From automobiles to missiles to milestones, each in its own way has led Ramakrishna "Rama" Koganti to healthcare, an industry he's been in for almost 10 years. His professional experience both inside and outside of healthcare has provided a wealth of knowledge for his role as program director of data analytics at Southwestern Health Resources (SWHR).
His job covers a lot of ground, including program and knowledge management, statistics and predictive modeling, and data governance. An important part of this is establishing and maintaining rules and standards that support data quality and decision-making within the organization.
While science is Koganti's strength — he has secured five U.S. patents and published 90 scientific papers in journals and international conferences — driving healthcare change has become his passion. He sees that same passion throughout SWHR, a major reason he decided to join the organization. He said, "Everyone here talks regularly about how we can improve patients' lives, and what we do at SWHR actually does impact patients — that’s the beauty of being here."
A diverse career path
Prior to joining SWHR, Koganti served as lean process improvement director for Baylor Scott & White Health and executive director of John Peter Smith Hospital's Innovation and Transformation Center.
In his earlier career, he worked as an automobile engineer working on high-performance and luxury cars — including the Ford Shelby Mustang, Aston Martin Vanquish and Jaguar XJ. Later, he was a program manager for the U.S. Army at New Mexico’s White Sands Missile Range, a Department of Defense missile testing facility, where he improved missile testing schedules and helped lead solar energy strategy and lean process improvement initiatives.
This diversity of experience has allowed him to view healthcare with a fresh perspective, and while very different from healthcare, these industries do share many key concepts, he said. For instance, when it comes to the project management aspect, his positions over the years have been very similar.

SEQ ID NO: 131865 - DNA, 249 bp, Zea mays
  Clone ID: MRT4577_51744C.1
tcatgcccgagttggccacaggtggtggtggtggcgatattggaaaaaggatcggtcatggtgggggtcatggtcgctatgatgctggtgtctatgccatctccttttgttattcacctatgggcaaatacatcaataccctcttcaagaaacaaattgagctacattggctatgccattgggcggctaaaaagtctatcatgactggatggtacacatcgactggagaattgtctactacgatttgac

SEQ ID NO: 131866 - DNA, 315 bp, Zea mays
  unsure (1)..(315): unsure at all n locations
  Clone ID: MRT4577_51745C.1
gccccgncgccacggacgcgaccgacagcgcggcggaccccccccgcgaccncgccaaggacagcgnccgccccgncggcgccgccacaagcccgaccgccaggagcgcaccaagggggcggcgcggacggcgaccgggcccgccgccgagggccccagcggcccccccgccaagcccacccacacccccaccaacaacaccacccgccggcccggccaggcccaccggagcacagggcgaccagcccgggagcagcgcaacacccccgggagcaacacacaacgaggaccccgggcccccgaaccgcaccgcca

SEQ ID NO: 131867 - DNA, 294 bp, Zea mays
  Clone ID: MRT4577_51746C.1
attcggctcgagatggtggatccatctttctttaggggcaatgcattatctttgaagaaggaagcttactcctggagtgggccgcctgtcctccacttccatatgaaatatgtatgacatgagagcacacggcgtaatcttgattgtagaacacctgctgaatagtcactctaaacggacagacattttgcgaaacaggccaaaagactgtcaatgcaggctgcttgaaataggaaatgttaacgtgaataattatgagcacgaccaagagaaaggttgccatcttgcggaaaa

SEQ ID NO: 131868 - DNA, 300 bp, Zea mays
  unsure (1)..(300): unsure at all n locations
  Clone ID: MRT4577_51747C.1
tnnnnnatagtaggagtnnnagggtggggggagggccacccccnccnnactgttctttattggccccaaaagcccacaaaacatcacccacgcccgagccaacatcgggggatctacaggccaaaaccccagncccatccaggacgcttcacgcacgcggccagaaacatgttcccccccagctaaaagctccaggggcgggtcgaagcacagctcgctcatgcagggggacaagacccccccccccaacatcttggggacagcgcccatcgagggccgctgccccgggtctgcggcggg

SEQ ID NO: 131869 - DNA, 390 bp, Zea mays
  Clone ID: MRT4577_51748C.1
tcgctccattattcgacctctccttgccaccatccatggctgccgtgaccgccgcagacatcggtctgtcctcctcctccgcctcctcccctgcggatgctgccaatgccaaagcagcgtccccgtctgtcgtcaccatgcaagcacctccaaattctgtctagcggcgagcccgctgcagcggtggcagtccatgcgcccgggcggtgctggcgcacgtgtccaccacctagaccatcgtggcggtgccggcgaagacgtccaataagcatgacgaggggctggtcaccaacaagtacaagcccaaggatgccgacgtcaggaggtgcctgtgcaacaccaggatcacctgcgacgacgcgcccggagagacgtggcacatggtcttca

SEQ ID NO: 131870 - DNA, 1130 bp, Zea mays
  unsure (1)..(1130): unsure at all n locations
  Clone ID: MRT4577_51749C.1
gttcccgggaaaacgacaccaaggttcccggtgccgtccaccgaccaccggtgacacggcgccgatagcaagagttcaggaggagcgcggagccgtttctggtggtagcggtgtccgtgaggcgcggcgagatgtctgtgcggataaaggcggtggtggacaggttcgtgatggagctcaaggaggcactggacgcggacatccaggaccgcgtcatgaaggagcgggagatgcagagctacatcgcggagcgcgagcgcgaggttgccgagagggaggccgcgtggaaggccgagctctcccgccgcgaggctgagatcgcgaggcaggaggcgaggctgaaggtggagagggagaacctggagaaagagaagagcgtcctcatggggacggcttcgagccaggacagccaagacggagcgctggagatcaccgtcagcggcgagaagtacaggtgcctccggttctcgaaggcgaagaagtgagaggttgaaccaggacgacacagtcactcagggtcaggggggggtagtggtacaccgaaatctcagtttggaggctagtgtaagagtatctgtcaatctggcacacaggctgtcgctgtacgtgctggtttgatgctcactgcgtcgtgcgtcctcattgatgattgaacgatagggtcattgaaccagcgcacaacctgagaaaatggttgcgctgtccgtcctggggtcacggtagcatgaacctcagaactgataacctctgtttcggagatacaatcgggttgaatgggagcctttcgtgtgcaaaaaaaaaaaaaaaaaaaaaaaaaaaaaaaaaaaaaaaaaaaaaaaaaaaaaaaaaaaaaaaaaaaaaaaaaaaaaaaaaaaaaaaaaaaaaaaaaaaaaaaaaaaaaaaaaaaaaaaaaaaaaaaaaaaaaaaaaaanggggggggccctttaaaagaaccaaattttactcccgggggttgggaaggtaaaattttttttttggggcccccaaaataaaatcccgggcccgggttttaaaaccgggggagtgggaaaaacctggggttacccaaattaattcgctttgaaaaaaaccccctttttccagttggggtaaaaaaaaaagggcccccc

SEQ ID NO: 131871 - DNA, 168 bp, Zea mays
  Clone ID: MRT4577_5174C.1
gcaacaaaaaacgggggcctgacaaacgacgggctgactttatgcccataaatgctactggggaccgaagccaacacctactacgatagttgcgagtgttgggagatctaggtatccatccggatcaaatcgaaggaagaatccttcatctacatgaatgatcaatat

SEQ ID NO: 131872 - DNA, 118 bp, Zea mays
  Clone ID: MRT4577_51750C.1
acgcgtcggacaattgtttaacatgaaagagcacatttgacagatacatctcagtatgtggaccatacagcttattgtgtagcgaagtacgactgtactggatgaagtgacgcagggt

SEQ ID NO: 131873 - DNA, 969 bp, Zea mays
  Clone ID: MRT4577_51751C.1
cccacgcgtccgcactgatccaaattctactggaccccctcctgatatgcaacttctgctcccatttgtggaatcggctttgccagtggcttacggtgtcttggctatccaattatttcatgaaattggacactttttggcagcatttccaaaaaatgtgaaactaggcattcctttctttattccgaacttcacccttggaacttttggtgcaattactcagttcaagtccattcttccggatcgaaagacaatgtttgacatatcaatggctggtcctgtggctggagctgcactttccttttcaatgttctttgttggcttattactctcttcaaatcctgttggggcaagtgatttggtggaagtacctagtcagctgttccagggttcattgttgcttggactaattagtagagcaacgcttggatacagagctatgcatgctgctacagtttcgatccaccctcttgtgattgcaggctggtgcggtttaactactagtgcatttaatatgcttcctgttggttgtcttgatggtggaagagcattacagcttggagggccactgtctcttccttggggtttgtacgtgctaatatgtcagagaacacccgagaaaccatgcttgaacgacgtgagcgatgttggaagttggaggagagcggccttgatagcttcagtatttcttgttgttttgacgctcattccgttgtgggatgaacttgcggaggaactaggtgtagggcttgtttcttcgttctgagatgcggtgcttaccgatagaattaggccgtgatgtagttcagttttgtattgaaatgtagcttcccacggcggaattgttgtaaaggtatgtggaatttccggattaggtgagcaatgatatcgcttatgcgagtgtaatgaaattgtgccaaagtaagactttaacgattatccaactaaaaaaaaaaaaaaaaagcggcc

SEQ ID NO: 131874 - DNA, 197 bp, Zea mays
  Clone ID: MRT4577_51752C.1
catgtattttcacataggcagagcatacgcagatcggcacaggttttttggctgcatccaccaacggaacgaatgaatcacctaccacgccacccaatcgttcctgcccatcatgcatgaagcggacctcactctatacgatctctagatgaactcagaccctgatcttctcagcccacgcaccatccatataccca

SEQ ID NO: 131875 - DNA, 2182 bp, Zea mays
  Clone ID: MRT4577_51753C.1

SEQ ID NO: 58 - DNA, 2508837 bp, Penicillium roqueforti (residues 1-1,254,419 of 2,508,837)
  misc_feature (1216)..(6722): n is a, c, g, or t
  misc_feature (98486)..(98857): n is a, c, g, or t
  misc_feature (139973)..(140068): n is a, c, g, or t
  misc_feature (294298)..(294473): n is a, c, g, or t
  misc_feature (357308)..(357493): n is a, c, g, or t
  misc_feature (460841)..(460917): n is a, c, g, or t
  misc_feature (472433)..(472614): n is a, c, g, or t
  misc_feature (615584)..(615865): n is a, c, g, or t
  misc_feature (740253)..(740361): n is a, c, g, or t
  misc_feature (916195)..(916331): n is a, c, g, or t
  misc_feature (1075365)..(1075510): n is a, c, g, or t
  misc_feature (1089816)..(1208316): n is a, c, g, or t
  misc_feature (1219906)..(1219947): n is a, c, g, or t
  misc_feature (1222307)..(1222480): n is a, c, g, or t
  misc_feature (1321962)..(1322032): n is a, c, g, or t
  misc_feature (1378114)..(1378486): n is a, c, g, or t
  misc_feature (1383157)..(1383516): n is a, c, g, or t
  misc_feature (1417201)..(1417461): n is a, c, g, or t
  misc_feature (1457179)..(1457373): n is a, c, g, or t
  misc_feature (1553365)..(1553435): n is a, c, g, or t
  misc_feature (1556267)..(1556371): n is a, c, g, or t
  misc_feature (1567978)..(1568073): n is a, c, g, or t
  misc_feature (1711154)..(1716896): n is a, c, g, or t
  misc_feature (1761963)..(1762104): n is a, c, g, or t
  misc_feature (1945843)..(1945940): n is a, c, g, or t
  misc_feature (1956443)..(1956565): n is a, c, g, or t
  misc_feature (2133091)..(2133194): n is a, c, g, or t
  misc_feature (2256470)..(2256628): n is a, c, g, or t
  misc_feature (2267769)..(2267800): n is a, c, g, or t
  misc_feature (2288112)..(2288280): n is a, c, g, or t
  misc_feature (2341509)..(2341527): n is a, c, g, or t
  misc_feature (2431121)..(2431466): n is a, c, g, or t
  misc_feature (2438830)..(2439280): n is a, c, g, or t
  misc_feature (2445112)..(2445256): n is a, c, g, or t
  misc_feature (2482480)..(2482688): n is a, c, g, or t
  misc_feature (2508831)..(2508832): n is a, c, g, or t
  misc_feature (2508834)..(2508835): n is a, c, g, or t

"In my background, I've always measured progress by milestones, and each milestone contains tasks that must be completed," he said. "By the time you reach the end, your product is ready to manufacture."
Applying a new perspective to healthcare
Specific to his current role, he explained, "Here, 'product' can mean reports, computer applications or services." For example, his team recently helped one department by designing a "5D" process framework (define, design, develop demonstrate and deliver) for executing data analytics and data science projects.
I love to interact with people in a new organization that is growing because you can truly appreciate the teamwork and relationship aspect of what we’re able to accomplish.
"Our teams are also very nimble and lean," Koganti said. "I love to interact with people in a new organization that is growing because you can truly appreciate the teamwork and relationship aspect of what we’re able to accomplish."
His enthusiasm for sharing knowledge also extends to the next generation of data scientists. He teaches machine learning and statistics at the University of Texas at Arlington and also serves as a mentor to computer science graduate students. He said, "I challenge the students with new machine learning algorithms and that can be applied to the healthcare industry."
Koganti added that regardless of a person's professional experience, SWHR has something to teach everyone, with its cross-functional teams and opportunities to work with various departments. "Interfacing with multiple departments creates a great learning curve, so you learn many new things every day."